Faith Works: Racism and our own history in Licking County
I'd love to walk away from racism. It would be pleasant to not have to talk about it, or deal with it . . . and as a white male, I could in many ways, ways that friends who are people of color cannot.
But here's the thing. My ways of de-stressing and getting away from the pressures of day-to-day life as a minister are history & archaeology & nature. So I go to pull up some early Licking County narratives out of the records, and turn to one of the classic sources, Edwin Brister's 1909 "Centennial History of Newark and Licking County."
He heads a chapter "The First White Men in Licking County" and opens it with the words "Following the Mound Builders and the Indians came the superior race to occupy the soil of Licking County." Even allowing for shifts in terminology over a century and more, the framing of the chapter is jarring, and the simple impact of the words "came the superior race to occupy" jolts me even now, having read past that opening many times. Also making me wonder what other less blatant biases are filtered into my thinking as I thumb through this necessary early source.
And you may or may not notice the subtle jab about distinguishing between "the Mound Builders and the Indians." That's intentional: the racially tinged viewpoint that the ancestors of modern Native American Indians could not have build the earthen geometric enclosures of Ohio left a "Moundbuilders myth" that's still hard to lay to rest, whether it takes root in the ten lost tribes of Israel, Vikings, wandering Romans, or Welsh princes.
Oh. Welsh princes. I have a many years long fascination with Chaplain David Jones, a primary shaper of the Euro-American settlement of Licking County from his 1773 journey through our valleys for the first time to his last visit in 1820. I've found some new letters from his hand, echoing his original manuscript, a copy of which was in Thomas Jefferson's personal library; he makes it clear that any time he meets an intelligent or articulate Shawnee or Wyandot person their better qualities are always Welsh. He's convinced that there's Welsh blood in the finer native people he meets, and their language is rooted in his native Welsh tongue . . . but is continually disappointed in his attempts to preach to them in that language.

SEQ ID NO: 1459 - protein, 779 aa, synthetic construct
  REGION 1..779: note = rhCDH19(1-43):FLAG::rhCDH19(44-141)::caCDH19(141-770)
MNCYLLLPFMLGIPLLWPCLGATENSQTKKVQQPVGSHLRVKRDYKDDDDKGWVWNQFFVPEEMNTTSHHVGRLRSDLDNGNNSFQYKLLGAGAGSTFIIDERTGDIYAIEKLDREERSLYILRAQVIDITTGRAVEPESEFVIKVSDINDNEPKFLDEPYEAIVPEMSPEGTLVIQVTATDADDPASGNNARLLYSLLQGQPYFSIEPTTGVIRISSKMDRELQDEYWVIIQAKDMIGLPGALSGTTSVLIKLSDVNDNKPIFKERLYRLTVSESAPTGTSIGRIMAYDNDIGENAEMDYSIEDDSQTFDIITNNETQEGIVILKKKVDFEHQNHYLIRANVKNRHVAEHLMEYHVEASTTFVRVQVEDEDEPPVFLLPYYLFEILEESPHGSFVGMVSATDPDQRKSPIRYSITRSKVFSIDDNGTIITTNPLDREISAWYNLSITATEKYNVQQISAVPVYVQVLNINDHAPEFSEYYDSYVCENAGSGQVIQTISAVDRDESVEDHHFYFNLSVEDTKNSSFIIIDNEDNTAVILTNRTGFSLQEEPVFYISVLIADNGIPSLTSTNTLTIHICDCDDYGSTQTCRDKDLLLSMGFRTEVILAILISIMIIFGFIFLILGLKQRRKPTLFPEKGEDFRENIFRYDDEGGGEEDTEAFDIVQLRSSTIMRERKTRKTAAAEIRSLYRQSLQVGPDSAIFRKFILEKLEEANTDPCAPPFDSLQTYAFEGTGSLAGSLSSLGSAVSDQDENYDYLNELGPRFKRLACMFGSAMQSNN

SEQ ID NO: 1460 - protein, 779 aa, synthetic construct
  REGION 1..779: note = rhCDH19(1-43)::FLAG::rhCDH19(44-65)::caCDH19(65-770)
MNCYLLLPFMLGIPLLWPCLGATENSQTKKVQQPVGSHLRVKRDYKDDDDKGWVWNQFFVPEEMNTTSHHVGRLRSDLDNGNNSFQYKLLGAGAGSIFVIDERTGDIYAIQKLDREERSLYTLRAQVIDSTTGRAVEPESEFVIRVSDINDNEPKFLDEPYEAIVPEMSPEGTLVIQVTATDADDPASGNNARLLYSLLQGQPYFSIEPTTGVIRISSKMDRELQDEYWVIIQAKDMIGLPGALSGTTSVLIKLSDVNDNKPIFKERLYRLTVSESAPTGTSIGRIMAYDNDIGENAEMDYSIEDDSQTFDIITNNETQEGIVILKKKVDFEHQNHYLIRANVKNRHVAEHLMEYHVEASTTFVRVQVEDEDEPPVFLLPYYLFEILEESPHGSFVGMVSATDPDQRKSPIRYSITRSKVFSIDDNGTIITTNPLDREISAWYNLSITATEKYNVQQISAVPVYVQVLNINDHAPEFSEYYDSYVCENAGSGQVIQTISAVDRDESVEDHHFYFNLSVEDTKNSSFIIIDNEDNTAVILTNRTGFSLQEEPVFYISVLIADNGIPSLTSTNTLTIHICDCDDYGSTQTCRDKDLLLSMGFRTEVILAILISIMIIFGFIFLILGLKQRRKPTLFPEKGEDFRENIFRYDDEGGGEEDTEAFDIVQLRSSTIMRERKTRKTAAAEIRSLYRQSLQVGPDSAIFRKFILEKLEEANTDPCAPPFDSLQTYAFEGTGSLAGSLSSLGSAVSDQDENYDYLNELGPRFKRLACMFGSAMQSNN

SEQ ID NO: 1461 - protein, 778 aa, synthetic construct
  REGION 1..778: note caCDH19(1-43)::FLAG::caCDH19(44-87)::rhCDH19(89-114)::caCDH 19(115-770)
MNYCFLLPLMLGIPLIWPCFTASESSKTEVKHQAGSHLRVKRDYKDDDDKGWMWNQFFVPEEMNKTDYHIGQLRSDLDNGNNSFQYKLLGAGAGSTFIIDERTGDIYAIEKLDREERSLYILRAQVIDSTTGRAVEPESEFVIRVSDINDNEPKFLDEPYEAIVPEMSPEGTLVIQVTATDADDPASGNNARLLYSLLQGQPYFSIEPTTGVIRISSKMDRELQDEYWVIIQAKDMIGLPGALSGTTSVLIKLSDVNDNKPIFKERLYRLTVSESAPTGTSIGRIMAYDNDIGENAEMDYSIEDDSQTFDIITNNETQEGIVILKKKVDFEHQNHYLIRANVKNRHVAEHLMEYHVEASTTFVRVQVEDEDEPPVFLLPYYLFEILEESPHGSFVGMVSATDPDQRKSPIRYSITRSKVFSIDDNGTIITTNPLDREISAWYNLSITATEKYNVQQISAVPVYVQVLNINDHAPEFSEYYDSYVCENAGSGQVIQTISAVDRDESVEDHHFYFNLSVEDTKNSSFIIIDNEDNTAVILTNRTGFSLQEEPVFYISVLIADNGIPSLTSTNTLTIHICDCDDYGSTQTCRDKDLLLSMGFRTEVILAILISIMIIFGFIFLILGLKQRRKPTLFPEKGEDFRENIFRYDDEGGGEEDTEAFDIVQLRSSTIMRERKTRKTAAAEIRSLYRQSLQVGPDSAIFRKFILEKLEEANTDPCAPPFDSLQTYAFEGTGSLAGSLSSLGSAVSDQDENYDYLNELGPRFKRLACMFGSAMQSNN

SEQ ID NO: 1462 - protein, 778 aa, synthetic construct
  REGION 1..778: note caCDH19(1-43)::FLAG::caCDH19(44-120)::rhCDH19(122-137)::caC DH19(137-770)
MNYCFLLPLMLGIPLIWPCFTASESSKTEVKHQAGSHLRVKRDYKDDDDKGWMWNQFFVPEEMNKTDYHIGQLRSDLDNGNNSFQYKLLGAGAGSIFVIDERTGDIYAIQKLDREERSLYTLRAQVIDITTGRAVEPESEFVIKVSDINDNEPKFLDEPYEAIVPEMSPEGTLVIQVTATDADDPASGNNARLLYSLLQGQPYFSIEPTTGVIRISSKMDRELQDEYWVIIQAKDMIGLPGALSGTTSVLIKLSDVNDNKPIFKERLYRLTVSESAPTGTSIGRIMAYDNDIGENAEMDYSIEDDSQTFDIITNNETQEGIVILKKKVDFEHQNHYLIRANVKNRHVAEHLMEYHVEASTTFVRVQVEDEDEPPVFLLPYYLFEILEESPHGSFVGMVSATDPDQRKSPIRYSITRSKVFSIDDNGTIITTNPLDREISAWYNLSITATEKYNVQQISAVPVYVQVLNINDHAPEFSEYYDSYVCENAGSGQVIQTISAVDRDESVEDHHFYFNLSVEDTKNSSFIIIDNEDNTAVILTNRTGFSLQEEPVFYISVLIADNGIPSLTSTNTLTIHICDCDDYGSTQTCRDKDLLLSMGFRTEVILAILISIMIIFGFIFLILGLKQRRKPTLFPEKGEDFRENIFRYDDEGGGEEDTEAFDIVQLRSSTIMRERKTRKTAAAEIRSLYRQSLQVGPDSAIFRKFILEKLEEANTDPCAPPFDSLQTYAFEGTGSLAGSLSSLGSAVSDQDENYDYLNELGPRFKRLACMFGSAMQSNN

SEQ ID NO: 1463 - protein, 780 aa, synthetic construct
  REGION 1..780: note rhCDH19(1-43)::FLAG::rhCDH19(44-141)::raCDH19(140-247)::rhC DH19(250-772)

And I go for a much needed walk this afternoon, and a few hundred yards from my home, a stone marking the death of one of those early settlers in 1802, people directed here by Chaplain Jones, which has displayed along a busy road for nearly a hundred years not only that sad death, but how before Lilly Jones died she gave birth to "The First White Child Born" in the township. I'm not saying racism was the whole intent in 1938 when it was placed, but that you start to see in the historical record, especially after the Civil War, how "white" becomes an important category and a distinct marker of status.
Thanks to my dad, I often relax by reading Civil War history, and . . . well, do I have to spell it out for you? But sometimes, as I read about, say, the Vicksburg Campaign (and think "wow, Dad will really enjoy this one" then pause, and go back to reading), and the depth of the racial injustice that got us here just shakes me, the end result of that conflict notwithstanding.
This isn't even getting into my equal passion for and professional understanding of how congregational and church history more broadly is an active force in today's debates over polity and process and planning . . . echoing Faulkner's "The past is never dead. It's not even past." This has led to an ongoing and unpleasant if necessary project in unearthing and unpacking of the role the 1920s Ku Klux Klan played in the history of our county, my church, and across the Midwest and beyond for many church bodies that would be shocked today to realize how complicit their ancestors once were.
So I could kid myself, and walk away from racism. It would require lots of strategic seeing and not-seeing, evasive action and outright denial. The kinds of choices racism depends upon. So I can't escape it, even as a white male. I can only choose how to confront racism today, how to try and understand it, and learn in community how to take it apart into its constitutive elements (one of which is sin, of course) and then be able to discard that which is corruption and decay, and preserve what we need to remember.
Jeff Gill is a writer, storyteller, and pastor in Licking County; he’s been trying to come to terms with how racism is a part of the sin that besets us for many years, and he’s not done yet. Tell him how you are working for racial reconciliation at firstname.lastname@example.org or follow @Knapsack on Twitter.